Monday, May 26, 2008

Ever Faithful

Jason Dunham ... no -- United States Marine Corps Corporal Jason Dunham died April 22, 2004, of wounds sustained April 14 from an ambush in the Iraqi town of Karabilah. Jeff Emanuel reports, "The corporal engaged the enemy in hand-to-hand combat. At one point, he shouted to his fellow Marines, 'No. No. No. Watch his hand.' Moments later, an enemy grenade rolled out and Corporal Dunham jumped on the grenade to protect his fellow Marines, using his helmet and body to absorb the blast."

Emanuel later quotes from the milblog I Love Jet Noise: Dunham "told his friends he was planning to extend his enlistment and stay in Iraq for the battalion's entire tour. 'You're crazy for extending,' Lance Cpl. Dean recalls saying. 'Why?'

"He says Cpl. Dunham responded: 'I want to make sure everyone makes it home alive. I want to be sure you go home to your wife alive.'"

To which Jet Noise says, "Mission accomplished, Corporal Dunham. Semper Fidelis."


Corporal Dunham was the first American soldier to be killed in Iraq. He was awarded the Congressional Medal of Honor, posthumously.

Nothing we can do or say will be sufficient dedication or memorial to such men. Our emotion and eloquence and devotion have but poor power in such a task, and we attempt it only because not to do so would shame us. Fallen heroes are beyond our power to honor or shame.

America has shamed itself, I feel, in its implicit repudiation of the mission for which this young man was slain. We have faltered and are falling, not from fatigue but petulance. The unfinished work, it seems, will remain unfinished, and what they have nobly advanced will be lost, it seems, in retreat.

We have fought great and bloody wars, to found and preserve this land of freedom. Many of us are no longer willing to sustain a fight that will spread or even ensure our blessings. The measure of our devotion has been taken, and is found wanting.

Do heroes die in vain? Let it not be so. Let it never be said. Heroism is like love. It enriches creation, and it is, in itself, pleasing to God.



In Memoriam

I am drawn back to make an obvious and necessary point -- a contrast. Nothing subtle. Clear.

Jason Dunham. Who threw himself onto a live grenade to protect his comrades, and lost his life as a result. This is what we call a hero. This is the sort of man we honor, to the limits of our ability, with medals and ceremonies. He embodies what we consider to be best and most noble in our culture and in humanity.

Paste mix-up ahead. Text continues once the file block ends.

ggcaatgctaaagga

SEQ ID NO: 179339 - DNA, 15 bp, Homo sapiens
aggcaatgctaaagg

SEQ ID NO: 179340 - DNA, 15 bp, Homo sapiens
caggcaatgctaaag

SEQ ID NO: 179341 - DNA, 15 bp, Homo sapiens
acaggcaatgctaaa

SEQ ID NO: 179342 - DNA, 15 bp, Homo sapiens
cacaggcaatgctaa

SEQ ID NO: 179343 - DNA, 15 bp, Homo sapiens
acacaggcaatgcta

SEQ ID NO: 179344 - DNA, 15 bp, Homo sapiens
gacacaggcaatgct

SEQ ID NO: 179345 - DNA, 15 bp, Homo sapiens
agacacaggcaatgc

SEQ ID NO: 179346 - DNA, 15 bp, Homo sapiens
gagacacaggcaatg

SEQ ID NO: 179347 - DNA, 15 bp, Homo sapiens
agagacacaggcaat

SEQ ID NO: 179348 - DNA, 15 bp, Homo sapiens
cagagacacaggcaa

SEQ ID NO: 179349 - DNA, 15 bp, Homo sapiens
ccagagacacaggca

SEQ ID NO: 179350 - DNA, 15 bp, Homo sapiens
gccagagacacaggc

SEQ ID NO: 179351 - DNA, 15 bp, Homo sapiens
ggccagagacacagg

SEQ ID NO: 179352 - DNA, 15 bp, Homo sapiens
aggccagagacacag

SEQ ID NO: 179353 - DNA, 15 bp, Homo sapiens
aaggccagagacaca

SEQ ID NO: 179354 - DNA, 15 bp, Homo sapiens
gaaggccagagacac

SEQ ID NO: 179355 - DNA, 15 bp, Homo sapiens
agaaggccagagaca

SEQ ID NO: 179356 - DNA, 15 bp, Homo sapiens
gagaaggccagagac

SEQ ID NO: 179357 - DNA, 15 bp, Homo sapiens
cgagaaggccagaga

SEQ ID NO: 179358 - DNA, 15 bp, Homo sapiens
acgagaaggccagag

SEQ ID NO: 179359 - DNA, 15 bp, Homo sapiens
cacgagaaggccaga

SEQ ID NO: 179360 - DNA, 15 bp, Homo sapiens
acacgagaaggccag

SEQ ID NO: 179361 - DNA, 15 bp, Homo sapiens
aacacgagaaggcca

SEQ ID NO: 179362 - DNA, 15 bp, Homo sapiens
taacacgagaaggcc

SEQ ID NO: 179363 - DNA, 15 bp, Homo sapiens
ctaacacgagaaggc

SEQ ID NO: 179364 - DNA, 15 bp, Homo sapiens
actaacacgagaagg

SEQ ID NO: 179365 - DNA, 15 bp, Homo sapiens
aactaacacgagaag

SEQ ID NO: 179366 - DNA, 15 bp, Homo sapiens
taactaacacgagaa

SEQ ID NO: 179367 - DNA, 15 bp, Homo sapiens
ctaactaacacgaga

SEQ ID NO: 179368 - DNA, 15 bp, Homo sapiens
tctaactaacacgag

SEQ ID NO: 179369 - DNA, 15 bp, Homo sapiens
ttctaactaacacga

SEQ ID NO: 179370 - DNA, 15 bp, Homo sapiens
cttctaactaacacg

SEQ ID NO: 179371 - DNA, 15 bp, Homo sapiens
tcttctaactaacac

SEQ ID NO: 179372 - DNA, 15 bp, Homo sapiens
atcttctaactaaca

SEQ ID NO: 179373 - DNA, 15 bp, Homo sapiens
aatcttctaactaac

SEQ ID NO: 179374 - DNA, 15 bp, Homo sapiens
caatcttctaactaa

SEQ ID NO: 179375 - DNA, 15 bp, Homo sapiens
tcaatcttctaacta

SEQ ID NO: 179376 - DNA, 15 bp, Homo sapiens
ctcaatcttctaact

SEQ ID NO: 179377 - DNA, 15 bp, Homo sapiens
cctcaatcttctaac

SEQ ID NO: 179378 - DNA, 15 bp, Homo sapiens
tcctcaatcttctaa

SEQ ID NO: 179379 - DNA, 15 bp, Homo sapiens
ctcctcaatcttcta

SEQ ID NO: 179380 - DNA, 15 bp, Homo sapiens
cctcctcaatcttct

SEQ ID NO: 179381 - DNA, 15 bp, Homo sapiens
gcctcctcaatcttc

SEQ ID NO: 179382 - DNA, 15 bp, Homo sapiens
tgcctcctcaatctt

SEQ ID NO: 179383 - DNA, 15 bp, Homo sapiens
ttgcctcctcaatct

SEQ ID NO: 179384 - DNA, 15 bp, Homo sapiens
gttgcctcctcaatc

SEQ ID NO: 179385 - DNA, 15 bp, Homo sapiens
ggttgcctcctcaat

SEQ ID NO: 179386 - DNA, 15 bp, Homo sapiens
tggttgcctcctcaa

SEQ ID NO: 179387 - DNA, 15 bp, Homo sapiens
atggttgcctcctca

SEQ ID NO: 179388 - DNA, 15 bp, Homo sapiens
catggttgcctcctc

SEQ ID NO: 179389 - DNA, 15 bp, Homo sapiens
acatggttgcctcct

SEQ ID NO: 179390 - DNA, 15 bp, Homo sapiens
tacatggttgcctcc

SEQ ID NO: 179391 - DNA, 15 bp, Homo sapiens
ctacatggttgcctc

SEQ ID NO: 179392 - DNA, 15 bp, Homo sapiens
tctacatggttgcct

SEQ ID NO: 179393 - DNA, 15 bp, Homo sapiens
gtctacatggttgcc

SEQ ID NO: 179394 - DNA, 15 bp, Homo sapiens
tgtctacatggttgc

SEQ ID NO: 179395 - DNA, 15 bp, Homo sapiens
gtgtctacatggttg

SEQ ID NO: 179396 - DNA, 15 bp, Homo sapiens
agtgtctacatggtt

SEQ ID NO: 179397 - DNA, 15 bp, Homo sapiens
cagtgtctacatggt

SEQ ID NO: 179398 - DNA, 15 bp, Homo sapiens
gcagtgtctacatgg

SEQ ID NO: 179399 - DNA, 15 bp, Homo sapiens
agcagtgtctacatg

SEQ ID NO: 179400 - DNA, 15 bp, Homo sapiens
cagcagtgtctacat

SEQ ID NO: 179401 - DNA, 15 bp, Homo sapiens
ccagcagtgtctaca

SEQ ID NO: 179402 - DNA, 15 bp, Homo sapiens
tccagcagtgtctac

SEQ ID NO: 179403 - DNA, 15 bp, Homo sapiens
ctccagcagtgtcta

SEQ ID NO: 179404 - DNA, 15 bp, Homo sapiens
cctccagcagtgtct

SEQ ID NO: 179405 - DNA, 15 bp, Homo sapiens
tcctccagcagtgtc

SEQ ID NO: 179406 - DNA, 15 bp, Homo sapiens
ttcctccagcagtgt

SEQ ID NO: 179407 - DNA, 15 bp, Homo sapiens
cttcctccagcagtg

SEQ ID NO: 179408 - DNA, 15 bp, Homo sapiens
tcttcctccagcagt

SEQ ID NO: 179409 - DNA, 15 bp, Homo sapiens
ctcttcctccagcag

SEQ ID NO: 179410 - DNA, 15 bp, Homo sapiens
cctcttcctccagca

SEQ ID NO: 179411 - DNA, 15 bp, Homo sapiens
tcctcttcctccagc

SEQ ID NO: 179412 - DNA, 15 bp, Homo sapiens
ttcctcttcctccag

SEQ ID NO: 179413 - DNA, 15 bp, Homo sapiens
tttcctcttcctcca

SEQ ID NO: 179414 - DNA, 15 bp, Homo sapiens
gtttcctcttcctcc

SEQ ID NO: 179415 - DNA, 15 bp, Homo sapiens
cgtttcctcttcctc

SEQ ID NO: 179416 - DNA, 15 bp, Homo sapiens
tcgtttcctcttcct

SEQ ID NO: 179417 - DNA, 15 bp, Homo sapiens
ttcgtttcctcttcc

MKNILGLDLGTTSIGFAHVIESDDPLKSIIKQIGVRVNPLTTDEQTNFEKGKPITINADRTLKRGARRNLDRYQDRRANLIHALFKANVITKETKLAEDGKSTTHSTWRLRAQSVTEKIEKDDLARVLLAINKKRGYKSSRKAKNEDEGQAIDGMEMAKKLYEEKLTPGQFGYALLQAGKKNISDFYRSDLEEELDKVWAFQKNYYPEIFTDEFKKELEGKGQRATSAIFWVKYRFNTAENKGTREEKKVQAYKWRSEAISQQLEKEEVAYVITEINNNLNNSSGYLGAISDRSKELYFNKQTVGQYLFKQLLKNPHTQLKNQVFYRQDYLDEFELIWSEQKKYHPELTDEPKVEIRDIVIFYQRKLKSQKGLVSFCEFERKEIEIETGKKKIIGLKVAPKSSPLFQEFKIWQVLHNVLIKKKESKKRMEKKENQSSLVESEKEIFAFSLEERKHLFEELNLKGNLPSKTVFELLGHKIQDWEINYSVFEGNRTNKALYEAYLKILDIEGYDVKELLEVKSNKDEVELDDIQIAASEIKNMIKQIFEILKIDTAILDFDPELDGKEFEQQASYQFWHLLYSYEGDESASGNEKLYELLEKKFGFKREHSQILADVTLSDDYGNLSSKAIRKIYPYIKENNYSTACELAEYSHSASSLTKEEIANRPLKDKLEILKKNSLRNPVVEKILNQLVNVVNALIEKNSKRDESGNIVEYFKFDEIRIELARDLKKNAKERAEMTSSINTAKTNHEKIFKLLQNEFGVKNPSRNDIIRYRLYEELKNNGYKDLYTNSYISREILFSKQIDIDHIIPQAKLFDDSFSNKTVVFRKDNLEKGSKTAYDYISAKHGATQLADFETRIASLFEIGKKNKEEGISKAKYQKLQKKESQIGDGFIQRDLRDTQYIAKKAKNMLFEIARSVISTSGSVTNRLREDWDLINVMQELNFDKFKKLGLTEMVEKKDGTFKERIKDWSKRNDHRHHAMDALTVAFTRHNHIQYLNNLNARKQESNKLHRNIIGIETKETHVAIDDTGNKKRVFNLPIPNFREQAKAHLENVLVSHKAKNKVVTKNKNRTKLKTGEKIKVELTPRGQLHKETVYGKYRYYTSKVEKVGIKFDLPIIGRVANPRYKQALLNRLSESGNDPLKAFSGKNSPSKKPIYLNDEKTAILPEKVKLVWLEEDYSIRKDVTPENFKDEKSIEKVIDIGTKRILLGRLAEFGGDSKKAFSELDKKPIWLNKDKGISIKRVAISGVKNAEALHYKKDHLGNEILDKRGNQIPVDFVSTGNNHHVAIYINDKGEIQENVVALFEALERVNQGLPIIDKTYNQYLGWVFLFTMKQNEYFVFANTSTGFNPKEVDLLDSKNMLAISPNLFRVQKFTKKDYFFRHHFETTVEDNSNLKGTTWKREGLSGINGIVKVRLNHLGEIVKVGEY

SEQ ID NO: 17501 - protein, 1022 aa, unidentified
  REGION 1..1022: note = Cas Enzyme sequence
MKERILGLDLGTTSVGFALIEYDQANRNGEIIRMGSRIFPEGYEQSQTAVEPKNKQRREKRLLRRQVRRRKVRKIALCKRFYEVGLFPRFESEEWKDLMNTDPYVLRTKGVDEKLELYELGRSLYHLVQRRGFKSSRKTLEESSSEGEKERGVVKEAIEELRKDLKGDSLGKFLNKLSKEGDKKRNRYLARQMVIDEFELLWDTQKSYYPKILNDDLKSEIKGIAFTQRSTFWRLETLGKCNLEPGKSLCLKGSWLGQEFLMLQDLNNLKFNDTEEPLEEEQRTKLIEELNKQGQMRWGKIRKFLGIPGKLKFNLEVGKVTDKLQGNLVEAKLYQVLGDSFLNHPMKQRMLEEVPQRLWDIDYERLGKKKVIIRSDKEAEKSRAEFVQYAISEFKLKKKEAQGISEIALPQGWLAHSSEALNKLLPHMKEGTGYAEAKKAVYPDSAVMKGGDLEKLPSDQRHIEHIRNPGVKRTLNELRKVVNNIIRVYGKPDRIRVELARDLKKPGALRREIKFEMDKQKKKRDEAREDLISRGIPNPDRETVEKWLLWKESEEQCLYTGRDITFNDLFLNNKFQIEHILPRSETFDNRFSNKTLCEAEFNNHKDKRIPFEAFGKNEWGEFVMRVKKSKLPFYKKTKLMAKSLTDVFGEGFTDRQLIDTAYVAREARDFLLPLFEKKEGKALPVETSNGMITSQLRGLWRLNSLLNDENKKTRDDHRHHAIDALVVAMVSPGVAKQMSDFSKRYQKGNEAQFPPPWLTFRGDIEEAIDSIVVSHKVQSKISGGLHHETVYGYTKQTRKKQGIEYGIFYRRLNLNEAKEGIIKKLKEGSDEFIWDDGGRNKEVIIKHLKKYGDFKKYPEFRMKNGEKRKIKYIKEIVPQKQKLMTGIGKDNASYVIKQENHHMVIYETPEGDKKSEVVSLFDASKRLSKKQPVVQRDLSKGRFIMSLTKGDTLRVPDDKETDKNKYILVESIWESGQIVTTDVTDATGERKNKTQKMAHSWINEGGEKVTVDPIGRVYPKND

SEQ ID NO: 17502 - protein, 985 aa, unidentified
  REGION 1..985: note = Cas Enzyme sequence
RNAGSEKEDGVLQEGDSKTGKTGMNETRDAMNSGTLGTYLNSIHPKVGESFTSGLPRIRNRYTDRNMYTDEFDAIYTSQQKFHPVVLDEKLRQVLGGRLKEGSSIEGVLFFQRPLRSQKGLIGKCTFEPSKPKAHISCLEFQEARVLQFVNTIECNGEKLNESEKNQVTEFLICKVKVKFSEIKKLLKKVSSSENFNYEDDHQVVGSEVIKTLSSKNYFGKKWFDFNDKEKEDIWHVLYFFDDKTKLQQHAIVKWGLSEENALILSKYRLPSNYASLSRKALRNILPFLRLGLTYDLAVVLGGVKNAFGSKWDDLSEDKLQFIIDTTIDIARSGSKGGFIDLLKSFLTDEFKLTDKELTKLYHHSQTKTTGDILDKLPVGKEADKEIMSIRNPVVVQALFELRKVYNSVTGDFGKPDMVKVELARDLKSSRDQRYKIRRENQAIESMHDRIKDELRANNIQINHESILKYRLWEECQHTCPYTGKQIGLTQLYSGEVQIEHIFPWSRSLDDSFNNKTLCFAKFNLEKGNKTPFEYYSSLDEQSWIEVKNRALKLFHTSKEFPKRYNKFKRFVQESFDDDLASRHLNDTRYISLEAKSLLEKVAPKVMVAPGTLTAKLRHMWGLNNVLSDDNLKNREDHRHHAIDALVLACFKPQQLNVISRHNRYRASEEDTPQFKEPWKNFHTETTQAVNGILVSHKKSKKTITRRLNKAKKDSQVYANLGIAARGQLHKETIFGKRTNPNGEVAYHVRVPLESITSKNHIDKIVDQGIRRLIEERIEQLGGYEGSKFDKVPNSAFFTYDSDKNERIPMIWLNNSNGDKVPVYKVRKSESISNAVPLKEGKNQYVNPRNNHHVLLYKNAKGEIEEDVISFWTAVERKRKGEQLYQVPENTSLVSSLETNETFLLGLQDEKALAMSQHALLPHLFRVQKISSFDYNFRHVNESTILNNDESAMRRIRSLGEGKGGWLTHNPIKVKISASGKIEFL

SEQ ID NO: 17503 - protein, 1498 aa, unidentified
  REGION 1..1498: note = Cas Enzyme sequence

The name Jason means healer. Well. He was a preserver of life.

Soldiers are meant to be killers. This is as it should be. War is brutal, and should and must be. All self-defense against blood enemies must be brutal. Survival is at stake, and not mere personal survival. Where duty is involved, for honorable men there is no choice. This is how we define ourselves: by our precepts and our actions. We do not take the words of the enemy as true -- the enemy does not define us, and the words of the enemy do not describe us. The enemy might describe himself, and does. He loves death. We, however, do not love Pepsi. We love life. And because of this, we will fight, and kill, and die.

And then there is the enemy. The schoolbus ambushers. The beheaders of civilians. The mad bombers. The heroes of islamism. They love death. It is their creed. They wean their little ones on bile. That's how monsters are born -- they are made, out of little children. Of course they can win. All that needs to happen is that we do not resist. Honor can die. Humanity has died, in the enemy. Every good thing might fade, grow futile and frail, and perish. The only surety we have of survival is that which we make for ourselves. Fires need tending.

Men of honor turn with fair and splendid purpose to the work of preserving innocence and virtue and liberty. They trust that the highest call is love, and roll the red psalm of their sacrifice to skies filled with blue and white and stars. Inhaling sharp smoke and desert dust they suffer endless ills, that what is just and right and the craving of their hearts might be born and survive and thrive.

Contrast to this these eaters of children. Blood drips from their teeth and nails. Four thousand years have they worshipped Moloch by his many names and shrieked his creed from high places in the iron hills and from hollows sealed deep within the earth. They dream of discord and distress, and terror is their hymn. Yes, there is evil.

And there is good. Though we find little in this world that is truly pure, we do find virtue in a single act of sacrifice. There is no honor, in mere killing. In killing there is only, at best, necessity. Necessity is a duty, but doing only that which ought to be done is what all honorable men must do, without demanding notice for it. Young Jason Dunham would have expected no great tribute for doing what he did. But we could not remain worthy of his sacrifice, if we did not love him.

What hope of redress then, for such loss? What hope of answer? What hand might draw away the unsoothing veil and unite love with lost love? Well. We love life. Let us be thankful for our blessings. Anything more than this is faith, and as for that, we must, each of us, place our trust where we think it is owed.



Jack H said...

Bumped up in observance of the day.

Will C. said...

Love this post Jack...and I am glad that Petreaus has been able to brighten the horizon of Iraq's future.

The Merry Widow said...

I'm thinking more along the lines of Tammuz...

And blood will continue to flow as long as the sons and daughters of moloch/tammuz crawl along and weep for him.